A life cycle describes the different stages that a living organism goes through during its lifetime. The duration and number of life stages differ from specie to specie.
German-born American psychologist Erik Erikson developed an elaborate theory of human development with distinct stages of human development covering the entire human lifespan.
Erikson discerned eight differing stages that humans experience, each with a centralized conflict that is significant along with certain traits and behavioral outcomes.
The stages go from infancy (birth to 18 months) to maturity (age 65 to death). During each stage, the person develops a life skill which Erickson called a “virtue.”
Erikson’s Cycles of Life
The first stage of development is Trust vs. Mistrust, which takes place from birth to 18 months. During this stage, a child learns to trust that the world is safe and caregivers can be relied on for primary needs or to mistrust the world because those needs are not met. Successful resolution of any conflict during this stage brings about what Erickson called the virtue of Hope.
The second stage is the conflict of Autonomy vs. Shame and it takes place from 18 months to 3 years of age. As a child learns to walk and begins to explore her environment, she learns autonomy and develops control over bodily her functions as well as her environment. As the child successfully resolves shame and doubt over her abilities, she develops the virtue of Will.
The third stage, which happens from 3 to 5 years of age, is Initiative vs. Guilt. Here, a child learns initiative as she begins to do things for herself or guilt over making those choices. Successful resolution of conflict brings about the virtue of Purpose.
The fourth stage, from 6 to 12 years, is Industry vs. Inferiority. As the child attends school, she starts to compare herself with others and develops a sense of industry as she accomplishes novel acts or a feeling of inferiority if she judges herself as inadequate. If this stage is successfully resolved, she learns the virtue of Competence.
The fifth stage occurs from 12 to 18 years of age when the child struggles between Identity vs. Role Confusion. As an adolescent, a sense of identified emerges, but role confusion can also happen as she tries to reconcile personal desires with those of other people. Successful resolution of this conflict enables the virtue of Fidelity.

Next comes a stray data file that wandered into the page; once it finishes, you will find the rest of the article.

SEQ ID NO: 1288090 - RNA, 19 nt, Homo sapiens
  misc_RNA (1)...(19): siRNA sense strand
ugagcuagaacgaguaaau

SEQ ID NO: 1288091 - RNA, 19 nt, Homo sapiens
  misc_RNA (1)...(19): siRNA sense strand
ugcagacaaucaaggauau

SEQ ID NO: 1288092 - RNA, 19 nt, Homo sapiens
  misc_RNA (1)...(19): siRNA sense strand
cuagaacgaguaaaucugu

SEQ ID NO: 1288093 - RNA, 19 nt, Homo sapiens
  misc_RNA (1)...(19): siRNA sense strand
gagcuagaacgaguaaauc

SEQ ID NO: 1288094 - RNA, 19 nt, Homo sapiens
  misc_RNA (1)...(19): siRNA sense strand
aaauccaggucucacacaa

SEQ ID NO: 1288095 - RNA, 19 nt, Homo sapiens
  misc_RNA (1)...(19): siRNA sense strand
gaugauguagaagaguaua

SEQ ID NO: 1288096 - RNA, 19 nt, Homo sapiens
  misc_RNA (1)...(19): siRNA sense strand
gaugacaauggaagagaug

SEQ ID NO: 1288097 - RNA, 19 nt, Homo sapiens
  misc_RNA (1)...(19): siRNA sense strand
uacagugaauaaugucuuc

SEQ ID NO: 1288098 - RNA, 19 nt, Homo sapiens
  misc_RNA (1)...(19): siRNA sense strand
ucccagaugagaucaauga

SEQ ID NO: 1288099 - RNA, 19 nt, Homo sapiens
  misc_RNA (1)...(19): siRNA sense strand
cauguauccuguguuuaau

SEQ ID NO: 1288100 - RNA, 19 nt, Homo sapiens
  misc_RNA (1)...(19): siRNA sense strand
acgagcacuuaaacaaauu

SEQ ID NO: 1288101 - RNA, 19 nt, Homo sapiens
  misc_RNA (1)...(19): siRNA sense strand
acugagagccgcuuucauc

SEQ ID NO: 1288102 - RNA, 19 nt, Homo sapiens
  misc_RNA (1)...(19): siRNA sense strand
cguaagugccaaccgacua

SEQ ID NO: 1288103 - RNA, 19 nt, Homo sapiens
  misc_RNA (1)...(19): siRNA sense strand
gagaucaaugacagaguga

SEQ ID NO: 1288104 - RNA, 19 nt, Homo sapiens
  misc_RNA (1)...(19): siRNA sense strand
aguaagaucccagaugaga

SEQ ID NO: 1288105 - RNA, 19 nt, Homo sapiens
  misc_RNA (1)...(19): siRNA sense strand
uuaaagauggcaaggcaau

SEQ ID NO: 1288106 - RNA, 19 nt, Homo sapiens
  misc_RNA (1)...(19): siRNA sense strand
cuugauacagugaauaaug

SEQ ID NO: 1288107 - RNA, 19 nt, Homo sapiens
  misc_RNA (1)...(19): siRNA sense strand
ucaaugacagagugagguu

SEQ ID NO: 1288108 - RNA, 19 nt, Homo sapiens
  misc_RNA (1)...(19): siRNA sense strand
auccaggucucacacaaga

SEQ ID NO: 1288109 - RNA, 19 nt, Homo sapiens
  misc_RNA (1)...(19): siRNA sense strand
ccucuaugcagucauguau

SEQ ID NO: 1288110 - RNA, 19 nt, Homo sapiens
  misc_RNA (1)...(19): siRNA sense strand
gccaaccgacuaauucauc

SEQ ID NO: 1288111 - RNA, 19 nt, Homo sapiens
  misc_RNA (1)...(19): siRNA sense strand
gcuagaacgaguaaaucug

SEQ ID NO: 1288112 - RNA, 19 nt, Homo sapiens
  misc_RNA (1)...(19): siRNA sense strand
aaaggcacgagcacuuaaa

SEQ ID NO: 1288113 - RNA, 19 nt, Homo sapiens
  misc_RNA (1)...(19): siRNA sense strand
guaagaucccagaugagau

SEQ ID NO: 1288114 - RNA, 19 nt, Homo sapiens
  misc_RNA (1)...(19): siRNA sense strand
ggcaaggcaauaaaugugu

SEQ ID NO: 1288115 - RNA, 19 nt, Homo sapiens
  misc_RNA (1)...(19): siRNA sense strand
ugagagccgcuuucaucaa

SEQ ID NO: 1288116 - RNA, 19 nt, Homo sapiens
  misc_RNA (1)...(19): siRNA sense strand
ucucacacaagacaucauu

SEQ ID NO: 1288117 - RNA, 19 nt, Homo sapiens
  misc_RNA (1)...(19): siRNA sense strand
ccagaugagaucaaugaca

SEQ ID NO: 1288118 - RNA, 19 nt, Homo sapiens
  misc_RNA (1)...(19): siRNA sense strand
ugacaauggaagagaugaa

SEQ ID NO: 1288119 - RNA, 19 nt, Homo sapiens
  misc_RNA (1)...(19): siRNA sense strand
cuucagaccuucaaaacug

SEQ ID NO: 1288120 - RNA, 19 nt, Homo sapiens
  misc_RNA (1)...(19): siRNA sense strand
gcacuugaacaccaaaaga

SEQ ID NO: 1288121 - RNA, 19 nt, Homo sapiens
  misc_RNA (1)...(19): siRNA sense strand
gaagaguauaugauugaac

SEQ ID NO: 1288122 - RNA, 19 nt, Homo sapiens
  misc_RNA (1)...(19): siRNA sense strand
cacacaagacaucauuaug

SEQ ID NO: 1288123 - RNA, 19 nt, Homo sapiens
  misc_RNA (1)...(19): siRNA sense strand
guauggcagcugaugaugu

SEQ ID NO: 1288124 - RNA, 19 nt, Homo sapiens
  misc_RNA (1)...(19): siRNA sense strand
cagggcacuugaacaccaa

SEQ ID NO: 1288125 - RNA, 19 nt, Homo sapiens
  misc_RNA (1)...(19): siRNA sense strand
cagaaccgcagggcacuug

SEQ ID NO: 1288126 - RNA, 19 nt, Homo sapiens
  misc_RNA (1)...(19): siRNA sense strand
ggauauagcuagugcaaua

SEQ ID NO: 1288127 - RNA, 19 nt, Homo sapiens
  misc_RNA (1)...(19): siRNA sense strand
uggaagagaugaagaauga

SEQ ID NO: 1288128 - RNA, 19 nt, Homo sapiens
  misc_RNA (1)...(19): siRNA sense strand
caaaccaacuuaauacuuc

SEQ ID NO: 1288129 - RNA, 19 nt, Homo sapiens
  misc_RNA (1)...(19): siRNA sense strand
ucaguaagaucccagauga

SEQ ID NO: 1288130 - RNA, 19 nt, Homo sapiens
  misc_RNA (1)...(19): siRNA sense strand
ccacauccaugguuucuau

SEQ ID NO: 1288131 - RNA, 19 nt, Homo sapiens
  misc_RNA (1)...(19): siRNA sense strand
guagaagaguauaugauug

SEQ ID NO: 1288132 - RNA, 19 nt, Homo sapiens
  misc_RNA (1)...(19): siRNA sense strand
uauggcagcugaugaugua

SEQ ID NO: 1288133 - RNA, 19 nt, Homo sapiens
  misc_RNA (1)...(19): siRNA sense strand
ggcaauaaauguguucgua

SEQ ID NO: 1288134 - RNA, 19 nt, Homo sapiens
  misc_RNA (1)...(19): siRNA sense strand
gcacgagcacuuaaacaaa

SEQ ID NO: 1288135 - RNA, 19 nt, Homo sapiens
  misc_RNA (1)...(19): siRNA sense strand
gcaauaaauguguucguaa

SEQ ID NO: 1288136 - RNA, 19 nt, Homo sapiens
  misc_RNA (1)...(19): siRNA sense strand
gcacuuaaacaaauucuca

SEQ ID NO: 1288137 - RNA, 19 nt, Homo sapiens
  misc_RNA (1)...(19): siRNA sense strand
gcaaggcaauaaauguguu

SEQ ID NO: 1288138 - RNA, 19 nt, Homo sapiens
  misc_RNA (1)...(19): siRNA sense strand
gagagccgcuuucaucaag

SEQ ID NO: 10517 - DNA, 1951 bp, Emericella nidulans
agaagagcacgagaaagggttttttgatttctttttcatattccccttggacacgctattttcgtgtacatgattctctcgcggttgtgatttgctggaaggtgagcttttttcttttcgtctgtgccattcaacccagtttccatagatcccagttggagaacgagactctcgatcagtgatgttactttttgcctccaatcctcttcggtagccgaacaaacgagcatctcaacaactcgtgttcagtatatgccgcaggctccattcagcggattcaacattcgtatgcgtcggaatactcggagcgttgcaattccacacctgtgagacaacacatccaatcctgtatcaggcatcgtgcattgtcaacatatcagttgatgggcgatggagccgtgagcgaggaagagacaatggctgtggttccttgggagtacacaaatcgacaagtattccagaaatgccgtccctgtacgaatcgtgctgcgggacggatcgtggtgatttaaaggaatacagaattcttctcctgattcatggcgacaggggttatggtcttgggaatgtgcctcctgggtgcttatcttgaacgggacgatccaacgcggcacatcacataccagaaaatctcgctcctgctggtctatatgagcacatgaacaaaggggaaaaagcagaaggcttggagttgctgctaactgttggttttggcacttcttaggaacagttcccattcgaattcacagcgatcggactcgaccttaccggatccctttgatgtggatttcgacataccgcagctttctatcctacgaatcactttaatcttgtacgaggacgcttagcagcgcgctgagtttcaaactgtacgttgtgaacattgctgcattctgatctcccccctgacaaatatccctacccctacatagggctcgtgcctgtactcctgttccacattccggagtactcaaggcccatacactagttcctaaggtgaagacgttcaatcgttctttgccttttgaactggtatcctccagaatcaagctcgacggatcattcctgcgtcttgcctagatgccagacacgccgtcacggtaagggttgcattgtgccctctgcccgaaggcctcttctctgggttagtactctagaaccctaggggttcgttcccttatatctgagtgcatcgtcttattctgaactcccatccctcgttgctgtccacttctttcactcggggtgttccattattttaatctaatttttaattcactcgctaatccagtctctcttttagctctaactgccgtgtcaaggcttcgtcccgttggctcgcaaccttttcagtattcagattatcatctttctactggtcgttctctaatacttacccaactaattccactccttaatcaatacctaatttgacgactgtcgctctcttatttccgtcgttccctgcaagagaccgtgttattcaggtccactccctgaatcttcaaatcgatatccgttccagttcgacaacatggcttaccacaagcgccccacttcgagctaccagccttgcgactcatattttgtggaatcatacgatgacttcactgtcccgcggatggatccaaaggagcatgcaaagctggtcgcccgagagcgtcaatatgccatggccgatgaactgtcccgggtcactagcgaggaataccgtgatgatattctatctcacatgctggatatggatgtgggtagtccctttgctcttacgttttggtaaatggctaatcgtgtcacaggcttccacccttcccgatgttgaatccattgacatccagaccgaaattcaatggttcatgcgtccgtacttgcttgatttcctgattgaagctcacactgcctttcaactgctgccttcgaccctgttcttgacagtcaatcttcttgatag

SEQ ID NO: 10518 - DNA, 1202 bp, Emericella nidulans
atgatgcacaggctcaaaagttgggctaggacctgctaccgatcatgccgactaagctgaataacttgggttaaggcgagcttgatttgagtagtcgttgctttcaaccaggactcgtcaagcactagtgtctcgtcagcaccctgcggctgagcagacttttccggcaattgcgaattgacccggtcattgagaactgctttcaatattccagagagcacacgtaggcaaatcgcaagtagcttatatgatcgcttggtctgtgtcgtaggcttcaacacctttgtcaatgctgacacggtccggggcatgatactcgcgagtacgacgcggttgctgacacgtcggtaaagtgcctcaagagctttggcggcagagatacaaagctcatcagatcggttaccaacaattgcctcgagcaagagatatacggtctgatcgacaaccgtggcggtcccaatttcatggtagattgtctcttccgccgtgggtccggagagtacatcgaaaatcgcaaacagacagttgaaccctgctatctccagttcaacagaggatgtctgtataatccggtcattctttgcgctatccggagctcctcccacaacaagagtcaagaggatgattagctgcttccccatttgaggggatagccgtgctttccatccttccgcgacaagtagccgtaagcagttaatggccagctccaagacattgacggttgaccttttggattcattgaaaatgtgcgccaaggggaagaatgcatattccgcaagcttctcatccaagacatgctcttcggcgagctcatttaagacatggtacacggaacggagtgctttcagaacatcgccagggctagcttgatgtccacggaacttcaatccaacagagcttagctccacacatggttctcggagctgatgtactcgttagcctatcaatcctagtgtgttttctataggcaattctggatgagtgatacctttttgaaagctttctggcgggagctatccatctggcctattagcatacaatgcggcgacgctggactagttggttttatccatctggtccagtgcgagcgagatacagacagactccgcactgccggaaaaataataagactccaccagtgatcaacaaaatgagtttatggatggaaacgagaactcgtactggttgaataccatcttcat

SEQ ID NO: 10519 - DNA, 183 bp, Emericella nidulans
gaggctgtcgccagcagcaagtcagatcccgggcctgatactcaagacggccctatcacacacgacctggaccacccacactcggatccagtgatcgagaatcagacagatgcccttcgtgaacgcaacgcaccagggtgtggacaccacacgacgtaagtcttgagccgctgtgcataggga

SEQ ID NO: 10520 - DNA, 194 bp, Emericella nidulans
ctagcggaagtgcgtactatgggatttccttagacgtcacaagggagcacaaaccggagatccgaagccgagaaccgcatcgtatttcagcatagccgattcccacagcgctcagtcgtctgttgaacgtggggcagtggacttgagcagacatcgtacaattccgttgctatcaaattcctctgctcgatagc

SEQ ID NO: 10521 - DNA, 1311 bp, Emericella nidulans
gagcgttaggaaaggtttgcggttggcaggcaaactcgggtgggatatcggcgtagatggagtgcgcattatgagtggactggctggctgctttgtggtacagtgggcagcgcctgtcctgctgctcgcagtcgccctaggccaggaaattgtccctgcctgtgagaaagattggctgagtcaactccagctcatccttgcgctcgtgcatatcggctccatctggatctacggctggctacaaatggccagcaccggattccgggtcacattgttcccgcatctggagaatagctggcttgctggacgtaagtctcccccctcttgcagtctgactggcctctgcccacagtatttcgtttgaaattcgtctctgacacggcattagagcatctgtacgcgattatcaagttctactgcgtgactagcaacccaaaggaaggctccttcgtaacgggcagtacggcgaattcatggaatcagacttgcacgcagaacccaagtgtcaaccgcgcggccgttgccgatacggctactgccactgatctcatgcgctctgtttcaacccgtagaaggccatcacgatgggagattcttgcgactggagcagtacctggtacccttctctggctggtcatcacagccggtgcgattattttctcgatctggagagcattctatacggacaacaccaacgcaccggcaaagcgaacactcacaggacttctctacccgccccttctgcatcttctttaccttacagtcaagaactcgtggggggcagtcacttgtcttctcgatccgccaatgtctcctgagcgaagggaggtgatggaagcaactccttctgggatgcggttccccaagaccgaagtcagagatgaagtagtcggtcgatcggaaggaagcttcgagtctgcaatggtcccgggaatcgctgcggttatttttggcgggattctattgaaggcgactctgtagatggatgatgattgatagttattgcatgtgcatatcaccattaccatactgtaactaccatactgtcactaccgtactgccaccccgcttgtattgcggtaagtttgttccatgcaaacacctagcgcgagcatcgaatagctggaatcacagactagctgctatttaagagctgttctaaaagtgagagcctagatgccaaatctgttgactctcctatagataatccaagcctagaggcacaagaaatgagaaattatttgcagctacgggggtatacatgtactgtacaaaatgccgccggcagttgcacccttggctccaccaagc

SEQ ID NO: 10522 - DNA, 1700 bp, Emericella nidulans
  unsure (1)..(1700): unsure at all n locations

The sixth stage, from 18 to 35 years, happens during young adulthood. The primary conflict during this period is Intimacy vs. Isolation as the person attempts to mature and begin a family. If this significant conflict is resolved, the individual learns Love.
The seventh stage is from 35 to 65 years of age during which an individual struggles with the conflict between Generativity vs. Stagnation. This can be associated with a midlife crisis, when the adult assess her contributions to family, friends and society or becomes self-absorbed and stagnates. Successful resolution of this conflict brings about the virtue of Care.
The eighth and last stage occurs from the age of 65 onwards and is the conflict of Integrity vs. Despair. During late adulthood, the individual reflects back at her accomplishments in life. If this stage is successfully resolved, the individual gains Wisdom.
Erikson’s Theory in Psychotherapy
Erikson’s theory has been studied extensively and used in teaching and child-rearing practices. It has provided psychologists and psychotherapists with a type of roadmap with which to determine the significant conflict that needs to be resolved by a patient.
As far as its overall usefulness in psychotherapy, Erikson’s theory has been questioned as to whether his stages should be regarded as sequential and only corresponding within the age ranges he suggested. For example, there has been significant debate as to whether people search for identity only during the adolescent years. Another question is whether the conflict during one stage need to be resolved before other stages can be completed. Proponents of his theory note that Erikson said that each process associated with a particular stage occur throughout the lifetime in different ways and that the stages represent periods during which the conflicts become most prominent.
Randi Fredricks, Ph.D.
Erikson, Erik (1956). The problem of ego identity. Journal of the American Psychoanalytic Association. 4: 56–121.
Erikson, Erik H. (1950). Childhood and Society. New York, NY: W. W. Norton & Company.
Erikson, Erik H. and Erikson, Joan M. (1998). The Life Cycle Completed: Extended Version. New York, NY: W. W. Norton & Company.
Gross, Francis L. (1987). Introducing Erik Erikson: An Invitation to his Thinking. Lanham, MD: University Press of America.
Stevens, Richard (1983). Erik Erikson: An Introduction. New York, NY: St. Martin’s Press.
Wright, Jr, J. Eugene (1982). Erikson: Identity and Religion. New York, NY: Seabury Press.